I have shared before that my mother was fractured by trauma. Her reflections of me shifted every time she blinked. I had the luck in college to receive four consecutive letters from her, each about the same subject: what she thought about me and friendship. In the first, she wrote, “Sarah, you have no friends.” In the second, she wrote, “You have so many friends.” In the third, “You are a person who only has one friend at a time.” And in the fourth, “I don’t understand how you can have so many close friends at once.”
Strange though it may seem, this particular series of letters was a relief to receive. After a lifetime of being unable to locate a central self within me, I had proof in black and white of the wildly fluctuating language that was used to describe me to myself. It was no wonder I was bewildered by my own character, personality, likes and dislikes, even by my own existence. These letters were a part of the trail of clues I followed to begin to understand my own fractured sense of being.
We are formed, moment by moment, by all the tiny interactions that we have with people. The more significant the person is that we are in relationship with, the more we are formed by what action we take, what happens next, what is said, what is done, and how we are responded to.
When the people in our world can’t really see us, and the tiny interactions that surround us don’t have much to do with who we are, we often find other ways to have relationships that let us exist. We have relationships with land, with trees, with animals, and with some sense of the divine. (These alternatives to people can hold us very sweetly, but rarely do we have a sense that they are reflecting our experience with words.)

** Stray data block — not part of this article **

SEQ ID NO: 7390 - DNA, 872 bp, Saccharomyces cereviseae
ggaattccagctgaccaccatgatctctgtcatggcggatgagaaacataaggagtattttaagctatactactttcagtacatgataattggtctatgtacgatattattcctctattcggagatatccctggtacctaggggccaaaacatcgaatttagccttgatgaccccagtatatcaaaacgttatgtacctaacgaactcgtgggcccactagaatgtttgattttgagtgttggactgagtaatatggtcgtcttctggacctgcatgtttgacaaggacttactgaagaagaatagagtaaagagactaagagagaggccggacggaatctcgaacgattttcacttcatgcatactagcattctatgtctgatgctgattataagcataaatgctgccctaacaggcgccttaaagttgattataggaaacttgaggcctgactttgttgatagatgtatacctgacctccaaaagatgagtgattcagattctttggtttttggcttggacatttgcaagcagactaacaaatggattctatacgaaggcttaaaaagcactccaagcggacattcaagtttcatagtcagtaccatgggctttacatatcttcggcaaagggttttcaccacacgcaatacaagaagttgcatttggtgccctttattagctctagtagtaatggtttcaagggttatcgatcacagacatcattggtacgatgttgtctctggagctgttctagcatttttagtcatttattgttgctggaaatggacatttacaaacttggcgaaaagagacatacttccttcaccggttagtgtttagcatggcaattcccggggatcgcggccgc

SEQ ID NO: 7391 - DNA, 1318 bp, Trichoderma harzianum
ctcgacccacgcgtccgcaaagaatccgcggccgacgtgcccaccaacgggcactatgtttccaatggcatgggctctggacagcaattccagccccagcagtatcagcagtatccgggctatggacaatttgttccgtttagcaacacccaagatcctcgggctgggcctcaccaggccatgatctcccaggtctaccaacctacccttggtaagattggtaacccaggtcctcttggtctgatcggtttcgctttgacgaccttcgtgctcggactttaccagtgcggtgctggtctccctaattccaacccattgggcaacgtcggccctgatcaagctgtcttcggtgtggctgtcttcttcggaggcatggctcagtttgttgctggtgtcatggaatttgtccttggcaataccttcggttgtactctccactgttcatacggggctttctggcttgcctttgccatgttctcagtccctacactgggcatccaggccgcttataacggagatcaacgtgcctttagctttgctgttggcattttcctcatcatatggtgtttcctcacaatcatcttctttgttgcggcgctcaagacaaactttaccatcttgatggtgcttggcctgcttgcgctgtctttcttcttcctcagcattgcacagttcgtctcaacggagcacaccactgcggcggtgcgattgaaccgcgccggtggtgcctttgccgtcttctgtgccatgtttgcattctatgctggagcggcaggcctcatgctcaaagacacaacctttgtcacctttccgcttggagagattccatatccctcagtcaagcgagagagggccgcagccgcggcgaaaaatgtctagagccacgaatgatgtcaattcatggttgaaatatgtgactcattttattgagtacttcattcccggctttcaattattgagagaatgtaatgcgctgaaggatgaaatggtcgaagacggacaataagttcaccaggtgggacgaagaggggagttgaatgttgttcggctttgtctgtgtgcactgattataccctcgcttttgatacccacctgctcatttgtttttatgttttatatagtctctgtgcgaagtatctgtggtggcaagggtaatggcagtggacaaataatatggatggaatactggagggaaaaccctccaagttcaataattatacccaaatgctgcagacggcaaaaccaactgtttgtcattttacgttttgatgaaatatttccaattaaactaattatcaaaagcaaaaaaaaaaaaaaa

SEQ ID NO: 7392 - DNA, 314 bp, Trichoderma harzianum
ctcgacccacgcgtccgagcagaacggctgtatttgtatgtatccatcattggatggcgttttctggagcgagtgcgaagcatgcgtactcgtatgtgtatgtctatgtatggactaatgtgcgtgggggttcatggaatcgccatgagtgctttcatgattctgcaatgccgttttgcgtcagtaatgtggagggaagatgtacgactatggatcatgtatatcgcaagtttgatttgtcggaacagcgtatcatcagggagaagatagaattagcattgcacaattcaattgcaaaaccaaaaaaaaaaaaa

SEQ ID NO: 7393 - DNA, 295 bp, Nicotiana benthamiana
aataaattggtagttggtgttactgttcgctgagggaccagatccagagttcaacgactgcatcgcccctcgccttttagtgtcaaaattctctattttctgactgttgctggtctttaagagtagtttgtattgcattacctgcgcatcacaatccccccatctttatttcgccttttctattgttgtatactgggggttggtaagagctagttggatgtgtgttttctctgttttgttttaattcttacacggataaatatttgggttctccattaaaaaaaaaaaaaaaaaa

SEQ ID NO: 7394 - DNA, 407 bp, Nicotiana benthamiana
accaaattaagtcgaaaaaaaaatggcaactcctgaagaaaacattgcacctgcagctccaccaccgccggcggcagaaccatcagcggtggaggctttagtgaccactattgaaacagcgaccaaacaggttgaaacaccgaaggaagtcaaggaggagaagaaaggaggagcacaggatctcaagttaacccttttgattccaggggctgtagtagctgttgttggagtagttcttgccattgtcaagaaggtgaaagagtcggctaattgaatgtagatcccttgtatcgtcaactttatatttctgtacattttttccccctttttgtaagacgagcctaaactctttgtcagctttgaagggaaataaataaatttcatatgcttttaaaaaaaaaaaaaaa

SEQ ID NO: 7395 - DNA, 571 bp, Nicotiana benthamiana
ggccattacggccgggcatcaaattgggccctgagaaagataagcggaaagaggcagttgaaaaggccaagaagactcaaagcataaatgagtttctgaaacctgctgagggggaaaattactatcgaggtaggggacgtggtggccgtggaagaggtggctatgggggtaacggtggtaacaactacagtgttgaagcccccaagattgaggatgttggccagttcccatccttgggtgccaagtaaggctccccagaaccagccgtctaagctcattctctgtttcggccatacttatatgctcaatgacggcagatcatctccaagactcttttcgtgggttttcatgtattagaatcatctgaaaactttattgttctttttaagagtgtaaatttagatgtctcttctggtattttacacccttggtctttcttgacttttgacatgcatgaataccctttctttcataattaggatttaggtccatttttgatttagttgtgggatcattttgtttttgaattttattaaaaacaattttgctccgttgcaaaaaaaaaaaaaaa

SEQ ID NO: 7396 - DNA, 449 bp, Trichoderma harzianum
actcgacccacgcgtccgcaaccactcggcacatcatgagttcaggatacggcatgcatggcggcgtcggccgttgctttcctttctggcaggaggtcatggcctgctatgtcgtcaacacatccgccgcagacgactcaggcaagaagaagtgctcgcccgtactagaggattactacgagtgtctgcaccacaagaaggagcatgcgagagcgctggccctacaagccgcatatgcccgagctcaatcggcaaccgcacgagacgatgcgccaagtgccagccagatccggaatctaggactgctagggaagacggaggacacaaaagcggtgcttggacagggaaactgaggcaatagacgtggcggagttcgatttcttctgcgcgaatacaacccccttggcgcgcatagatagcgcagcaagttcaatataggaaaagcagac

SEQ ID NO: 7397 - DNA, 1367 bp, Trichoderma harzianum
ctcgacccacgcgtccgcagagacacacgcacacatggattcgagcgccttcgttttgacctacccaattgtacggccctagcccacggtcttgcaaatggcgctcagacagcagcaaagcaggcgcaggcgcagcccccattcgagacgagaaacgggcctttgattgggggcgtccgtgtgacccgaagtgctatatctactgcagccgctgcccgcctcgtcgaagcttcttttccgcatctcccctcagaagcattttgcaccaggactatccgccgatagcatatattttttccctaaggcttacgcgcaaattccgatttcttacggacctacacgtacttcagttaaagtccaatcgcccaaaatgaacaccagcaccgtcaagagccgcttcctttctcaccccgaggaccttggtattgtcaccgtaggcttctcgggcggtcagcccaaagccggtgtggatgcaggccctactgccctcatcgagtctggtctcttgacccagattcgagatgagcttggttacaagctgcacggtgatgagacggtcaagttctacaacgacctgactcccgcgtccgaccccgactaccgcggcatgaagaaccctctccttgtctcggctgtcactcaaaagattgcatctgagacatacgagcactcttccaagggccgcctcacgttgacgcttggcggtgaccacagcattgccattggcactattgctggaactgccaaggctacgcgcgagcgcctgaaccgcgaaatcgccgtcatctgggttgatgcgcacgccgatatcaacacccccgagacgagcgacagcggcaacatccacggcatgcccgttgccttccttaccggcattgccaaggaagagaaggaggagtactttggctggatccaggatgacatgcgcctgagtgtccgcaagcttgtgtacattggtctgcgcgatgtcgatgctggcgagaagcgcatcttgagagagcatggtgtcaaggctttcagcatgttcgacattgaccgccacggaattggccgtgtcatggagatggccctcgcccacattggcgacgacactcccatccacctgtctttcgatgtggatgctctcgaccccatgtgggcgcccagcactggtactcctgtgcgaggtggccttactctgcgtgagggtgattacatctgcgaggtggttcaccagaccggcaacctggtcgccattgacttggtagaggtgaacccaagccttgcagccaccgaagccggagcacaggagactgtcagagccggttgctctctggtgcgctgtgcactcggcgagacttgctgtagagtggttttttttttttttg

And words shape and form our brains. So without them, finding ourselves, and having a rounded, solid experience of existing, an experience of being known and predictable to our own selves, can be a bit tricky.
My experience of being seen with fractured eyes and memory may seem rare, but when we expand our understanding of the different ways that not being seen can happen, the experience becomes more common. The lack of reflection can happen in a number of ways: it can be chaotic and kaleidoscopic, so that the words we receive about ourselves present something unrecognizable; it can be the echoing and bewildering emptiness of neglect; it can be the disruptive loss of existence and memory that occurs in physical, emotional, verbal and sexual abuse; or it can be the seeming presence of people who are focused only on what happens externally, people who take no joy in inner exploration and have very little autobiographical memory for self or other.
Whatever our experience has been, this month’s teleseminar is an exploration of the part of the brain that is at least a partial contributor to the sense of self: the precuneus. As so often is true of these monthly teleseminars, there will be a wealth of research combined with practical exploration of how NVC-based reflection and empathy can lead to brain integration and personal resilience and well-being.